Hindus hold specific beliefs that are clear but hard to define. It is even harder to pinpoint who is or isn’t a Hindu. In my view, any person who identifies as a Hindu, who subscribes to the general beliefs Hindus hold, and who does not belong to another religion is a de facto Hindu. Others may use other criteria if they seek to pinpoint who is or is not a true Hindu.
It is hard for those who have not experienced Hinduism to understand its powerful tenets because they are subject to interpretation and evolution. For example, Hinduism is premised on a belief in God, but it does not mandate this belief. Thus, an atheist can be a Hindu. Moreover, the idea of God is somewhat fluid, given varying notions of what the supreme spirit is or is not, the Lord’s avatars or incarnations, and the presence of a pantheon of lesser gods.
The essence of Hindu belief derives from its goal, to attain oneness with God and liberation from the cycle of birth and death. This attainment is viewed as nirvana, the state of ultimate bliss. Ways to reach such oneness are described in scripture. Mythology also contains tips on becoming good enough to achieve nirvana. Goodness attaches to the soul which is a spark of God’s divinity and power.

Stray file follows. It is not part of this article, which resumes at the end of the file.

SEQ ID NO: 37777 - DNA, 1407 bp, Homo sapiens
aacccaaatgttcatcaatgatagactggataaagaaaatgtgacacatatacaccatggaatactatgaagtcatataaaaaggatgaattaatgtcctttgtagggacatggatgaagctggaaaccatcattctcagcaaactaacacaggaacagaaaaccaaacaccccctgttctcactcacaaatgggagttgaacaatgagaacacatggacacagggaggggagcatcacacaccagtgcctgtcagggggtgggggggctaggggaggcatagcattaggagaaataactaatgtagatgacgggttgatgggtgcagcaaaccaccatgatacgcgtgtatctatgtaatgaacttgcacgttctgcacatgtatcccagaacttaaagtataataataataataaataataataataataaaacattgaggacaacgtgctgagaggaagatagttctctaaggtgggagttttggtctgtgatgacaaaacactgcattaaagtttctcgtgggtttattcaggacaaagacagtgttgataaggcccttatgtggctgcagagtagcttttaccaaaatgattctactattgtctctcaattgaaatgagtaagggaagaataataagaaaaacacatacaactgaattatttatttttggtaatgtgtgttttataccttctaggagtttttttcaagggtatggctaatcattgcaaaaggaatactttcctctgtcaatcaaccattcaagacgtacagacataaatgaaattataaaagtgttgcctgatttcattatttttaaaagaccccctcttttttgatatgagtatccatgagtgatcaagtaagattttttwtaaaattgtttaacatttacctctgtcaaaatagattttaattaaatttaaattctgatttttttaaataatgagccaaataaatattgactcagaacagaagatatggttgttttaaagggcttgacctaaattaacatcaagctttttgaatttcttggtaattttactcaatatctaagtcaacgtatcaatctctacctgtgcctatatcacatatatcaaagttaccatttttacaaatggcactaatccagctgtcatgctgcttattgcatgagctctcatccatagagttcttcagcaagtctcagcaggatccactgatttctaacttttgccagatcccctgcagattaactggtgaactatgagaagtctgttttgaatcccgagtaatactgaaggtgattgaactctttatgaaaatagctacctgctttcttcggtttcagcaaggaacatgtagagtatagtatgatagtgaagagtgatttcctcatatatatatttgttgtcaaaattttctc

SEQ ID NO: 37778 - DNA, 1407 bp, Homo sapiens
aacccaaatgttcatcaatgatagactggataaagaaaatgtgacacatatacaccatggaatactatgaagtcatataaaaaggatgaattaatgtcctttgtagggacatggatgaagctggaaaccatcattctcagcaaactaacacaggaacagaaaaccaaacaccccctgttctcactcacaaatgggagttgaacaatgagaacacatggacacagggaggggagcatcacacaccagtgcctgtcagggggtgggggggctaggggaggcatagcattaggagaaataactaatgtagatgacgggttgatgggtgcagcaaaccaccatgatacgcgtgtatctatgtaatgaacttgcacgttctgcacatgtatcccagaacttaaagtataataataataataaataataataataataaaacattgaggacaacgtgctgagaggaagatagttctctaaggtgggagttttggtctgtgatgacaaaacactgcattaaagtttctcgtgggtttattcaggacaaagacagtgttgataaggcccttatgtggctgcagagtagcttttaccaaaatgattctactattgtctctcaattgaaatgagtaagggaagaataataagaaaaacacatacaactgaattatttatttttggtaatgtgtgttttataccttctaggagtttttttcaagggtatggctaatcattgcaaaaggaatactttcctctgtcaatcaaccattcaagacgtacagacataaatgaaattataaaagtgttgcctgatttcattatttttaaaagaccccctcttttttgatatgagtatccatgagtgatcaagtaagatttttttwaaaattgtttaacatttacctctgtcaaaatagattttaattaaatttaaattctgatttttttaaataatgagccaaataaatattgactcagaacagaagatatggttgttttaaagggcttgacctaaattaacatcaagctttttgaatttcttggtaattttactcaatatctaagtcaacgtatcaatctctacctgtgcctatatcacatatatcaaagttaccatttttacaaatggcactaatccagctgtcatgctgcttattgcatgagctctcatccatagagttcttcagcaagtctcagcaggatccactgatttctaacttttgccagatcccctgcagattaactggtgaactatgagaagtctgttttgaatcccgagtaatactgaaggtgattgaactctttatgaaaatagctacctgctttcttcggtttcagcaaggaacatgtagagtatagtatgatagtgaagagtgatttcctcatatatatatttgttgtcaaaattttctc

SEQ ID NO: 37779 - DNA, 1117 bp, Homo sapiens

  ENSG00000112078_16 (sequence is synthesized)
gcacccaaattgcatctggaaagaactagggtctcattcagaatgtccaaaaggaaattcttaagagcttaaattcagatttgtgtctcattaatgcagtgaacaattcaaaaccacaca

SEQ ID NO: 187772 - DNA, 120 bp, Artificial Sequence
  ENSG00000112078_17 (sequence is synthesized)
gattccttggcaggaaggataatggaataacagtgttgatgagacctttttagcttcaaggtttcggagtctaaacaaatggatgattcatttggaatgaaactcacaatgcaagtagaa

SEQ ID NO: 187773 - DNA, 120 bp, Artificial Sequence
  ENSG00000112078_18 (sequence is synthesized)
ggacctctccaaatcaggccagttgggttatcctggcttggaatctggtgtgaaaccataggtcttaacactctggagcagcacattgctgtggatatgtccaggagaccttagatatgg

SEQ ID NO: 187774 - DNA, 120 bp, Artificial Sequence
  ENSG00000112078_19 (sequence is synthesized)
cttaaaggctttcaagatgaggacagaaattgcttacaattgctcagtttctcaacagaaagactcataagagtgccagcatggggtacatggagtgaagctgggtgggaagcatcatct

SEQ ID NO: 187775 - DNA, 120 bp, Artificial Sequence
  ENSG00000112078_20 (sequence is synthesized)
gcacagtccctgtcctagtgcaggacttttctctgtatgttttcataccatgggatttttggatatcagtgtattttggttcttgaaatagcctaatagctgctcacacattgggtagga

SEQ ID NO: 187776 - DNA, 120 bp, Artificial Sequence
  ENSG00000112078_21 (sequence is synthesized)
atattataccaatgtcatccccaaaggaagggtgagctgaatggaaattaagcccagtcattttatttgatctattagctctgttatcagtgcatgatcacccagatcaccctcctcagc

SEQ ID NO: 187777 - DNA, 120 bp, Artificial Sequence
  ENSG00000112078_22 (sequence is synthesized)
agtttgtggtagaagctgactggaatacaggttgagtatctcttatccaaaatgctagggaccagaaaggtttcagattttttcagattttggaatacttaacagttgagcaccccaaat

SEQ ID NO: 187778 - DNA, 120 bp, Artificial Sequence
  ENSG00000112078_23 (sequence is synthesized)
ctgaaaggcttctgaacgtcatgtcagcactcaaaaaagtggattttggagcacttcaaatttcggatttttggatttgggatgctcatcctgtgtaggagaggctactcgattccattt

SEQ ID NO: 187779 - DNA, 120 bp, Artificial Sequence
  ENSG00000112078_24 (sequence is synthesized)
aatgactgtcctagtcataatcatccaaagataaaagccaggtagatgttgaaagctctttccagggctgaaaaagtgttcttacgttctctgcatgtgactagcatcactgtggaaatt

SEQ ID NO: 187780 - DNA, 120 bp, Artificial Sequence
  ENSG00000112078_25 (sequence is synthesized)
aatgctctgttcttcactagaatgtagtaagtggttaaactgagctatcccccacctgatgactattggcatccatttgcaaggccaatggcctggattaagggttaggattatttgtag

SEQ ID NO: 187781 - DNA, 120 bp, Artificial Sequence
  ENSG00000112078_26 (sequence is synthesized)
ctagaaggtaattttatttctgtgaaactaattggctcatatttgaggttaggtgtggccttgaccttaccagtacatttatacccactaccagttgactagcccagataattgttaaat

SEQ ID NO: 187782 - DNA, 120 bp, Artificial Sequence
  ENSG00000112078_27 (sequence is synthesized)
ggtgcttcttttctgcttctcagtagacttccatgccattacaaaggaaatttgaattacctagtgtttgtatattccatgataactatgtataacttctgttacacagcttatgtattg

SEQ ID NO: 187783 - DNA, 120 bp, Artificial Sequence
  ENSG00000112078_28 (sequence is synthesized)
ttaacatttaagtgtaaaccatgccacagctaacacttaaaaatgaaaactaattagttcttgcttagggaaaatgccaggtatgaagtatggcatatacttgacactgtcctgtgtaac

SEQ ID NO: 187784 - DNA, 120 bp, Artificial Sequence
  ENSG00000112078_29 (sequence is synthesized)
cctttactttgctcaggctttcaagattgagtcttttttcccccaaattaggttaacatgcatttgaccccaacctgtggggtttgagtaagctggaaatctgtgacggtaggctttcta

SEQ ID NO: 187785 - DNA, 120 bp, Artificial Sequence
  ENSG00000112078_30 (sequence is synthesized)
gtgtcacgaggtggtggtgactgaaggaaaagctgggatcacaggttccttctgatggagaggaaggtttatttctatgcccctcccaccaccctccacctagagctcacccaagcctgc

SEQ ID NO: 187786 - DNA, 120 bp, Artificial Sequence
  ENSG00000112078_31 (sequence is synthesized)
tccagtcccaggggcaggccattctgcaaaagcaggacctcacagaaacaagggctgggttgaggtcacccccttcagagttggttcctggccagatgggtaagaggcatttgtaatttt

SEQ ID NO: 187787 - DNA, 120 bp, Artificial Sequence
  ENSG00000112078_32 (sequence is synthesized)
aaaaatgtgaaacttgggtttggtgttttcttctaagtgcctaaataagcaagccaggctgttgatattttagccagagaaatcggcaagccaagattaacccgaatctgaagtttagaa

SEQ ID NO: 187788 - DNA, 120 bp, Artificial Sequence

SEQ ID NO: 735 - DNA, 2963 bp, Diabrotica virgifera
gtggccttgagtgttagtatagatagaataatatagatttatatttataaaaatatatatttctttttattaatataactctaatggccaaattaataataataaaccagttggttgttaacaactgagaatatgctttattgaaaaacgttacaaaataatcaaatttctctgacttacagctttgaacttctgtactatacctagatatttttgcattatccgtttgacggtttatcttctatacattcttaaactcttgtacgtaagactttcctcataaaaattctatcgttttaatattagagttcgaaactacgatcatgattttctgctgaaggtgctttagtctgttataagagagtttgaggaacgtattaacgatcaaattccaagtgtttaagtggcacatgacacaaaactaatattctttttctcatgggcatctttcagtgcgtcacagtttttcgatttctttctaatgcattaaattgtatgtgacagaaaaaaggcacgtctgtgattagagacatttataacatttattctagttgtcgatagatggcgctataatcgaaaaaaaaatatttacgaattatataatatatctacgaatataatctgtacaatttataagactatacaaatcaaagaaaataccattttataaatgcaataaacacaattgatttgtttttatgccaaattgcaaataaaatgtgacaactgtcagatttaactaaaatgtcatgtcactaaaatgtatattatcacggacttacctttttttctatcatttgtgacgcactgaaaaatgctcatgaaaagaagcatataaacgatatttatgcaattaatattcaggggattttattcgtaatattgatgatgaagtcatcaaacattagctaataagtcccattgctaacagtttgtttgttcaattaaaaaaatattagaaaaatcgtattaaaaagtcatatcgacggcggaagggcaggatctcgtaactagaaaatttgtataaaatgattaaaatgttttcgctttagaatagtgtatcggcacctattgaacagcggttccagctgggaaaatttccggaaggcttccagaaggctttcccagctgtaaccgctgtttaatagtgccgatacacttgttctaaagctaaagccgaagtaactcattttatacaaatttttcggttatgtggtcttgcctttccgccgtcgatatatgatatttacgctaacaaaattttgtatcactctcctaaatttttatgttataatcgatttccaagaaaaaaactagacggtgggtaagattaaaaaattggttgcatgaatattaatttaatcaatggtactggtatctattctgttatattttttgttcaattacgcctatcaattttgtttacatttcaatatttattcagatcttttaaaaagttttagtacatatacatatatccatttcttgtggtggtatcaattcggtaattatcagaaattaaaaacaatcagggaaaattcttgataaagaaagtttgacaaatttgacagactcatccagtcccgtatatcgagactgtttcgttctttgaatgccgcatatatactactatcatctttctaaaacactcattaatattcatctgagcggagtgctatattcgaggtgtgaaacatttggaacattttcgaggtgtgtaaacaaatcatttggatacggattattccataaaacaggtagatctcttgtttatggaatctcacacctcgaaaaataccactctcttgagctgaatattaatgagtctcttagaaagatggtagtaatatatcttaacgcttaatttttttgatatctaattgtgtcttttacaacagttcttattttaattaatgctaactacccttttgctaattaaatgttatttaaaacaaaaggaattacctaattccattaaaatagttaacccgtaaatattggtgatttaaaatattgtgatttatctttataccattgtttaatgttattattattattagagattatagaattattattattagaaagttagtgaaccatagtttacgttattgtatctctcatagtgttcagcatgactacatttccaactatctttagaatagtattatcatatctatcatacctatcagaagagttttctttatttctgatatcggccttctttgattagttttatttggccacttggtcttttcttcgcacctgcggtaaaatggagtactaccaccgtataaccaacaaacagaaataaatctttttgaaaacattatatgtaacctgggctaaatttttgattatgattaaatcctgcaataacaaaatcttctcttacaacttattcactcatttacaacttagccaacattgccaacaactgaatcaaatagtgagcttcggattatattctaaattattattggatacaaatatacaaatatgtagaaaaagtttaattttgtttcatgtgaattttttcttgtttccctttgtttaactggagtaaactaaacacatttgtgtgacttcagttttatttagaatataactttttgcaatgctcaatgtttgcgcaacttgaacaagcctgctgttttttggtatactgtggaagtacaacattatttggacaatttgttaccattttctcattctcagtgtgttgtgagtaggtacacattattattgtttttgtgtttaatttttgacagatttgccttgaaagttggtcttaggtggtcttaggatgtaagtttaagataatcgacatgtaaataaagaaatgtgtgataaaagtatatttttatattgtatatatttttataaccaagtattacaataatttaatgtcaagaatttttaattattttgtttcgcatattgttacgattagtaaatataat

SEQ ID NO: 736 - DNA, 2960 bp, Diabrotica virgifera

Like the existence of God, the reality of karma and reincarnation is taken for granted by Hindus. These beliefs comprise a fundamental world view which is considered the truest and most sensible explanation for how life, death, and the universe work. The Hindu worldview is not a subject of debate but rather is a starting point for debates on derivative themes such as how best to accrue good karma or how God and karma interact.
Hindus tend to disengage both from defending the validity of their faith and from trying to persuade others of its merit. Their understanding negates arguments like reincarnation cannot exist because the earth cannot accommodate so many people and their remains. They do not feel a need to explain that Hinduism acknowledges the many planes of our universe which transcend the limits of time and space.
Hindu belief encourages philosophy, mythology, and rituals to flourish. It accepts science. It embraces differences in individual perspectives. It produces a rich medley of customs and traditions. It provides harmony in the face of the unknowns that confine human understanding. It gives balance throughout the trials and tribulations that we all endure and it gives enhanced meaning to our journey through life.
Please see Chapter 1 of On Hinduism by Irina Gajjar for further discussion of this topic. We welcome your views and thoughts.